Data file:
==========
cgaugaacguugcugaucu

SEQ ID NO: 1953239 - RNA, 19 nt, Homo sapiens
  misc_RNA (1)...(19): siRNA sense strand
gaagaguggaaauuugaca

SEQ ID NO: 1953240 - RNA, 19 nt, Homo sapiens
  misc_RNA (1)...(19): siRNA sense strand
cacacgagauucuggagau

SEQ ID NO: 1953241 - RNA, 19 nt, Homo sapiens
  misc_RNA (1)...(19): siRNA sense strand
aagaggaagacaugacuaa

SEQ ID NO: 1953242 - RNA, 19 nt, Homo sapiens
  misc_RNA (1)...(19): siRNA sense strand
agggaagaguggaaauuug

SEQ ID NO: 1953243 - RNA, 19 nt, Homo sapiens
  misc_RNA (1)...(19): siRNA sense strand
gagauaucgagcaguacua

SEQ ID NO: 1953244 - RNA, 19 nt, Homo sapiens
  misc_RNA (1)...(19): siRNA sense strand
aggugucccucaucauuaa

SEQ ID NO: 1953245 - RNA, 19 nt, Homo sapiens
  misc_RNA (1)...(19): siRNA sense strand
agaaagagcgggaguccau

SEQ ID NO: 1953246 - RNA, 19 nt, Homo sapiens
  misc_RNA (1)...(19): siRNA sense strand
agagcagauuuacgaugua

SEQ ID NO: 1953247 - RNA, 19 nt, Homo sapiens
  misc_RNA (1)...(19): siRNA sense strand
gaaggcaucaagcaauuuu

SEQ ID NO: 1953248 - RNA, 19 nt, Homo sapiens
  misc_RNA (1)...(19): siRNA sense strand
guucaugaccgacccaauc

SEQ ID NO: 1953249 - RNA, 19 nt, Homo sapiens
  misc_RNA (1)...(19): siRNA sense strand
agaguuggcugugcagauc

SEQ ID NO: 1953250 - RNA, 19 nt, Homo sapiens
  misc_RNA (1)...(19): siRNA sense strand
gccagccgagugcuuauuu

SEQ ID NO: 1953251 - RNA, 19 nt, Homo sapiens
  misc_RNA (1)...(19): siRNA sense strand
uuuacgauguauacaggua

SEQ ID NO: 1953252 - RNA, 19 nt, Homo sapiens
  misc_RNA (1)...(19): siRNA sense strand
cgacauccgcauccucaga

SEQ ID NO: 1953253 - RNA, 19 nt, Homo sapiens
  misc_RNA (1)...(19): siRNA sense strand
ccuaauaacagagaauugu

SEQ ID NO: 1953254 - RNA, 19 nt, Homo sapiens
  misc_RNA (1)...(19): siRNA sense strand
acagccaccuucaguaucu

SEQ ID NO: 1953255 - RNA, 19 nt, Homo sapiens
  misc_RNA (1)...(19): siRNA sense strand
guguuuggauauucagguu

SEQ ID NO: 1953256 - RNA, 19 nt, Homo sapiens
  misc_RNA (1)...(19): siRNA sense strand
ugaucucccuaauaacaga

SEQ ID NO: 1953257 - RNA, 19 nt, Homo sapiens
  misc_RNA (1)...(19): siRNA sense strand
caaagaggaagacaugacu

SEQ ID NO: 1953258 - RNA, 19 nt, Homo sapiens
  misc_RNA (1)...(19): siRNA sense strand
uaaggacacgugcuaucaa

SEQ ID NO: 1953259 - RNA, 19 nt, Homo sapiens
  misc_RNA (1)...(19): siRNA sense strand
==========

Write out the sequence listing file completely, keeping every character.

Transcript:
cgaugaacguugcugaucu

SEQ ID NO: 1953239 - RNA, 19 nt, Homo sapiens
  misc_RNA (1)...(19): siRNA sense strand
gaagaguggaaauuugaca

SEQ ID NO: 1953240 - RNA, 19 nt, Homo sapiens
  misc_RNA (1)...(19): siRNA sense strand
cacacgagauucuggagau

SEQ ID NO: 1953241 - RNA, 19 nt, Homo sapiens
  misc_RNA (1)...(19): siRNA sense strand
aagaggaagacaugacuaa

SEQ ID NO: 1953242 - RNA, 19 nt, Homo sapiens
  misc_RNA (1)...(19): siRNA sense strand
agggaagaguggaaauuug

SEQ ID NO: 1953243 - RNA, 19 nt, Homo sapiens
  misc_RNA (1)...(19): siRNA sense strand
gagauaucgagcaguacua

SEQ ID NO: 1953244 - RNA, 19 nt, Homo sapiens
  misc_RNA (1)...(19): siRNA sense strand
aggugucccucaucauuaa

SEQ ID NO: 1953245 - RNA, 19 nt, Homo sapiens
  misc_RNA (1)...(19): siRNA sense strand
agaaagagcgggaguccau

SEQ ID NO: 1953246 - RNA, 19 nt, Homo sapiens
  misc_RNA (1)...(19): siRNA sense strand
agagcagauuuacgaugua

SEQ ID NO: 1953247 - RNA, 19 nt, Homo sapiens
  misc_RNA (1)...(19): siRNA sense strand
gaaggcaucaagcaauuuu

SEQ ID NO: 1953248 - RNA, 19 nt, Homo sapiens
  misc_RNA (1)...(19): siRNA sense strand
guucaugaccgacccaauc

SEQ ID NO: 1953249 - RNA, 19 nt, Homo sapiens
  misc_RNA (1)...(19): siRNA sense strand
agaguuggcugugcagauc

SEQ ID NO: 1953250 - RNA, 19 nt, Homo sapiens
  misc_RNA (1)...(19): siRNA sense strand
gccagccgagugcuuauuu

SEQ ID NO: 1953251 - RNA, 19 nt, Homo sapiens
  misc_RNA (1)...(19): siRNA sense strand
uuuacgauguauacaggua

SEQ ID NO: 1953252 - RNA, 19 nt, Homo sapiens
  misc_RNA (1)...(19): siRNA sense strand
cgacauccgcauccucaga

SEQ ID NO: 1953253 - RNA, 19 nt, Homo sapiens
  misc_RNA (1)...(19): siRNA sense strand
ccuaauaacagagaauugu

SEQ ID NO: 1953254 - RNA, 19 nt, Homo sapiens
  misc_RNA (1)...(19): siRNA sense strand
acagccaccuucaguaucu

SEQ ID NO: 1953255 - RNA, 19 nt, Homo sapiens
  misc_RNA (1)...(19): siRNA sense strand
guguuuggauauucagguu

SEQ ID NO: 1953256 - RNA, 19 nt, Homo sapiens
  misc_RNA (1)...(19): siRNA sense strand
ugaucucccuaauaacaga

SEQ ID NO: 1953257 - RNA, 19 nt, Homo sapiens
  misc_RNA (1)...(19): siRNA sense strand
caaagaggaagacaugacu

SEQ ID NO: 1953258 - RNA, 19 nt, Homo sapiens
  misc_RNA (1)...(19): siRNA sense strand
uaaggacacgugcuaucaa

SEQ ID NO: 1953259 - RNA, 19 nt, Homo sapiens
  misc_RNA (1)...(19): siRNA sense strand